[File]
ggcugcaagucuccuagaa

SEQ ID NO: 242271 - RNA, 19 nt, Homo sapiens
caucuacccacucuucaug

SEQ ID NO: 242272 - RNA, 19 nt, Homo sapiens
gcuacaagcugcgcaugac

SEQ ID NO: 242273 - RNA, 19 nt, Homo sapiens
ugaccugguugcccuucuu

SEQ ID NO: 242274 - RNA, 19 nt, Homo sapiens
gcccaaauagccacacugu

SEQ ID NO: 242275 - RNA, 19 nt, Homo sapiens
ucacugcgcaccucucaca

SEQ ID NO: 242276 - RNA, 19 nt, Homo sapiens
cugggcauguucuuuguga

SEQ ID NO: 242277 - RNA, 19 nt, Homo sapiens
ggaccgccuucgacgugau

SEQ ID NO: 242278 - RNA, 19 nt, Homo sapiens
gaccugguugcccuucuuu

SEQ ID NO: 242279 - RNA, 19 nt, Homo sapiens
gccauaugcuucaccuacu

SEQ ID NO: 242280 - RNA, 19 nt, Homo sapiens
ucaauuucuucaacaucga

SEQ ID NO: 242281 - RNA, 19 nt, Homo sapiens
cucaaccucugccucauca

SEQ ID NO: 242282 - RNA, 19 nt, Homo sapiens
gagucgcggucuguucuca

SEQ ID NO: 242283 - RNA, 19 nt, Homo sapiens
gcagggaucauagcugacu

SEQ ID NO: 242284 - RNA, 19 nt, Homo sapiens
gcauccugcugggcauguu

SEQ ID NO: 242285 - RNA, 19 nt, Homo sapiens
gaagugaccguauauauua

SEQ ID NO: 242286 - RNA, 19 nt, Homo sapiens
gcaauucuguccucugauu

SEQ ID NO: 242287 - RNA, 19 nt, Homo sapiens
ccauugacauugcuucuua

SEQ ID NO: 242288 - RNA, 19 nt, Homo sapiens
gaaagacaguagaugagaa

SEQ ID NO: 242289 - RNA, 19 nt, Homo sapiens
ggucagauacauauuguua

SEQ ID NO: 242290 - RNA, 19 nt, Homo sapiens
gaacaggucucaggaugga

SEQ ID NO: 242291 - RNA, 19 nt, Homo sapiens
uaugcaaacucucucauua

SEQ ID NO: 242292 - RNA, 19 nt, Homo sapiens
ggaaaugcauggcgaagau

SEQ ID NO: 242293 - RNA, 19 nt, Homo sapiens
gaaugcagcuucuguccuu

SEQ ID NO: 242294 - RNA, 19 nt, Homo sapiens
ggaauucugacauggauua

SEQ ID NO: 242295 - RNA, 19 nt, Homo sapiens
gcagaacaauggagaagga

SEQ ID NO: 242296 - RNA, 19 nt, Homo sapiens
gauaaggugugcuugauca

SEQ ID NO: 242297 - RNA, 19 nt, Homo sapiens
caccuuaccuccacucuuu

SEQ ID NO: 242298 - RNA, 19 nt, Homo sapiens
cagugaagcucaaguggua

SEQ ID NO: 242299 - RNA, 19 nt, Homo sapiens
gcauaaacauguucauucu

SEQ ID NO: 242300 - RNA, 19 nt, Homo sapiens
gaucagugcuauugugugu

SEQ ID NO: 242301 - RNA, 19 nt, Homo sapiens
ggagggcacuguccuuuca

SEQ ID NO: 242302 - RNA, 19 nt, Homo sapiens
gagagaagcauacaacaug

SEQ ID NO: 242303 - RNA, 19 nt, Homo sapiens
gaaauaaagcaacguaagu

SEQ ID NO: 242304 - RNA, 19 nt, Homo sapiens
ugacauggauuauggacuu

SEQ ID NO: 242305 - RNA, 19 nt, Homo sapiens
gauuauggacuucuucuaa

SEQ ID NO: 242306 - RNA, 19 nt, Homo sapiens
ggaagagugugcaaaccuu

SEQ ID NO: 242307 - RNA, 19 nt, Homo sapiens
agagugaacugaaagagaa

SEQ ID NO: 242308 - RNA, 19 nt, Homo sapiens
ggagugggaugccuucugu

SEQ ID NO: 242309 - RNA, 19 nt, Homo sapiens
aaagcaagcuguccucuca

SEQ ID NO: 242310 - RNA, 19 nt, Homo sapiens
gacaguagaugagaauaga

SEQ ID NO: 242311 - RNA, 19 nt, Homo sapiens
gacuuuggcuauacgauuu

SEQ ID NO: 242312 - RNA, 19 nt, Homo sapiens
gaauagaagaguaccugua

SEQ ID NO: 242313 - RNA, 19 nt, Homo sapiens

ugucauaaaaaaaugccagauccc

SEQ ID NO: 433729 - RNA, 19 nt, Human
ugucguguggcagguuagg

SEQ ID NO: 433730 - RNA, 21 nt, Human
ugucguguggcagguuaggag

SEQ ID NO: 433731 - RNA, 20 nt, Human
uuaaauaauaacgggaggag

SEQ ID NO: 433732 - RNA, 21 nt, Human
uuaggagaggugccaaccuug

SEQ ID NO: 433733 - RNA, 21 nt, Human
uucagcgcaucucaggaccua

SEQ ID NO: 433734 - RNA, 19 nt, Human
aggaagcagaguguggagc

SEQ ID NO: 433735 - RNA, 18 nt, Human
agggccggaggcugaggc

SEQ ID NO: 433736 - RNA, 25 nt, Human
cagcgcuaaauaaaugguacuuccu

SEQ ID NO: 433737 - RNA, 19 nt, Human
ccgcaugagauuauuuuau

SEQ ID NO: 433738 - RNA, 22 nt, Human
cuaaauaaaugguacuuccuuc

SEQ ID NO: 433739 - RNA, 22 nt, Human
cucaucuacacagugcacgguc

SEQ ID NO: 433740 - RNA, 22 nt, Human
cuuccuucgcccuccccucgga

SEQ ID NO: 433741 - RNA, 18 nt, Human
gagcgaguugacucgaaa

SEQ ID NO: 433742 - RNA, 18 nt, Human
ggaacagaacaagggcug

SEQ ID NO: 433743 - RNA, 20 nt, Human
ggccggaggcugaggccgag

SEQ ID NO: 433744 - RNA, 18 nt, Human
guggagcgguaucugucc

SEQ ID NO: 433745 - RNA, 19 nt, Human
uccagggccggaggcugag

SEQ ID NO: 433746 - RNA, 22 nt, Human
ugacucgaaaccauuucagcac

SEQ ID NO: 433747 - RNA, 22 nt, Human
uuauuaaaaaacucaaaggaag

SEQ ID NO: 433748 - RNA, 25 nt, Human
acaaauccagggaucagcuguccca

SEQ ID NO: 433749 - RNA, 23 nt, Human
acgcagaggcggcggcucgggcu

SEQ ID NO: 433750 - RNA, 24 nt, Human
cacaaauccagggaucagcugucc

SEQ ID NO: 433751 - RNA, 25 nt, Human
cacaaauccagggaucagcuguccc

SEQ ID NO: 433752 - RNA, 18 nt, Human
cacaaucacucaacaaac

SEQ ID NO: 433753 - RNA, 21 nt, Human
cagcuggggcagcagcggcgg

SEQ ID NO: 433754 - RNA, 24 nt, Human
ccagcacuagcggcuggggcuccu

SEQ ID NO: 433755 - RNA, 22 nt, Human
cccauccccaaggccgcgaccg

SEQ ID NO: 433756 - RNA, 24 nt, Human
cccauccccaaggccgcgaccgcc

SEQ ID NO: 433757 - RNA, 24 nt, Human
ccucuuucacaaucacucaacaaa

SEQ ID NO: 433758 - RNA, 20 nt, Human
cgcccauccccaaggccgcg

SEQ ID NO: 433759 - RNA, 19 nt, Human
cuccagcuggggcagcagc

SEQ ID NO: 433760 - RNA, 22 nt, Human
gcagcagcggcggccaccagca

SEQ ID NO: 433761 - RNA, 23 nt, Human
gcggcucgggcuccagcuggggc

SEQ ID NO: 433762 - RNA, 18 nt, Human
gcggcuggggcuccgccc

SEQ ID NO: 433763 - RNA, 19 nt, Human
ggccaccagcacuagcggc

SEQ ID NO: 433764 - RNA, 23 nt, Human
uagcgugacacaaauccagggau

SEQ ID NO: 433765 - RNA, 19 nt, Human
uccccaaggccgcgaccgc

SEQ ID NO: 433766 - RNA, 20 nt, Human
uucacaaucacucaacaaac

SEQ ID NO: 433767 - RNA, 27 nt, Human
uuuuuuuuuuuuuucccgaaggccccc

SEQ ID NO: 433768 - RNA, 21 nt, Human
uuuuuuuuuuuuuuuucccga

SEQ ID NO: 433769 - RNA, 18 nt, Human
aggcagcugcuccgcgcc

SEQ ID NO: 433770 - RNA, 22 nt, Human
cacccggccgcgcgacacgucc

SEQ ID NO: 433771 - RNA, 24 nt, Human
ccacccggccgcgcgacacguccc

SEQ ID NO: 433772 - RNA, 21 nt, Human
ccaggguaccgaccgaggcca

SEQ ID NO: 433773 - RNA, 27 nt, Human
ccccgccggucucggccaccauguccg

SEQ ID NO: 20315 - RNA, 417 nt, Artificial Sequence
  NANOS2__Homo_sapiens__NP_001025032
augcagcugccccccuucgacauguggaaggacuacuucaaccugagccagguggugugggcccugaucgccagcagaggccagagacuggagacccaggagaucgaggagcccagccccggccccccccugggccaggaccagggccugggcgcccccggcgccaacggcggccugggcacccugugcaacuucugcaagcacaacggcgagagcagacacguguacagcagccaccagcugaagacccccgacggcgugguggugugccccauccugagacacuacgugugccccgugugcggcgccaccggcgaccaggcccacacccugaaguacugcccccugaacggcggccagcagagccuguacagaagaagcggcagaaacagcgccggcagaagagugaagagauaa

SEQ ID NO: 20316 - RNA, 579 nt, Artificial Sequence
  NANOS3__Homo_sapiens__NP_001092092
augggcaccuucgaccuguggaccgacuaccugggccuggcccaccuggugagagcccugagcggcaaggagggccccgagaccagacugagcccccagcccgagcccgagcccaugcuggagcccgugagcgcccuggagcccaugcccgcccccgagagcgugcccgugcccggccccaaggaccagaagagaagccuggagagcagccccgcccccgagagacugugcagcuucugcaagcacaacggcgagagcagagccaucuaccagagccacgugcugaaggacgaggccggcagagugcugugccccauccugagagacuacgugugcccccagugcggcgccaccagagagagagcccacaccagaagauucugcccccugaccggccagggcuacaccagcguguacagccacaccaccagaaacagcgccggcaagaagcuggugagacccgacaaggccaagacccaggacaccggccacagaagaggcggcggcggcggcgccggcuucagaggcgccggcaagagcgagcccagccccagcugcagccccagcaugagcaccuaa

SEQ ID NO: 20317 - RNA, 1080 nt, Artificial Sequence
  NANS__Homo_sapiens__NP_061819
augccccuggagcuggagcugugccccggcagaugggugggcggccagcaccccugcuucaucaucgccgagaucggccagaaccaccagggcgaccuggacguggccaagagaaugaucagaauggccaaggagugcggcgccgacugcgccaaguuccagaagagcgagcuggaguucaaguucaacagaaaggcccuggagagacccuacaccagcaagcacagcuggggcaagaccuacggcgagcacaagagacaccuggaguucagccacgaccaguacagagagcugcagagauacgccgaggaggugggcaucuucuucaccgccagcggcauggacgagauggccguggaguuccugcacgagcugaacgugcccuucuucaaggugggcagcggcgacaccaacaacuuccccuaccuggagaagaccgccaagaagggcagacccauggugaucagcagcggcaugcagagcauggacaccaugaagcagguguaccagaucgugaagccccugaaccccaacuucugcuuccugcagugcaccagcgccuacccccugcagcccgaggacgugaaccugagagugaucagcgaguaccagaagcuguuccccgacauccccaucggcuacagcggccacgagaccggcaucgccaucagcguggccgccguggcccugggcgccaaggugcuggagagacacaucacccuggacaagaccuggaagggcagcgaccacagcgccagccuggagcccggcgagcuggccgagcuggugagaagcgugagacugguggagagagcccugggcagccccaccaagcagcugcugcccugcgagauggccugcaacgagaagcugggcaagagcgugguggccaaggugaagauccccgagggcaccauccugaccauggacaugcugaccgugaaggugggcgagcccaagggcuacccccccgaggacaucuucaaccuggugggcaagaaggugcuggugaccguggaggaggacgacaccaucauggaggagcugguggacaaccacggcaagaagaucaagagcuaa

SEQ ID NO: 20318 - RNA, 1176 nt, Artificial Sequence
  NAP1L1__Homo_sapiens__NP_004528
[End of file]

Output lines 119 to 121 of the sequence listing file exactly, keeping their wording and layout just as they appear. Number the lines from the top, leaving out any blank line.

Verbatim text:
guggagcgguaucugucc

SEQ ID NO: 433745 - RNA, 19 nt, Human
uccagggccggaggcugag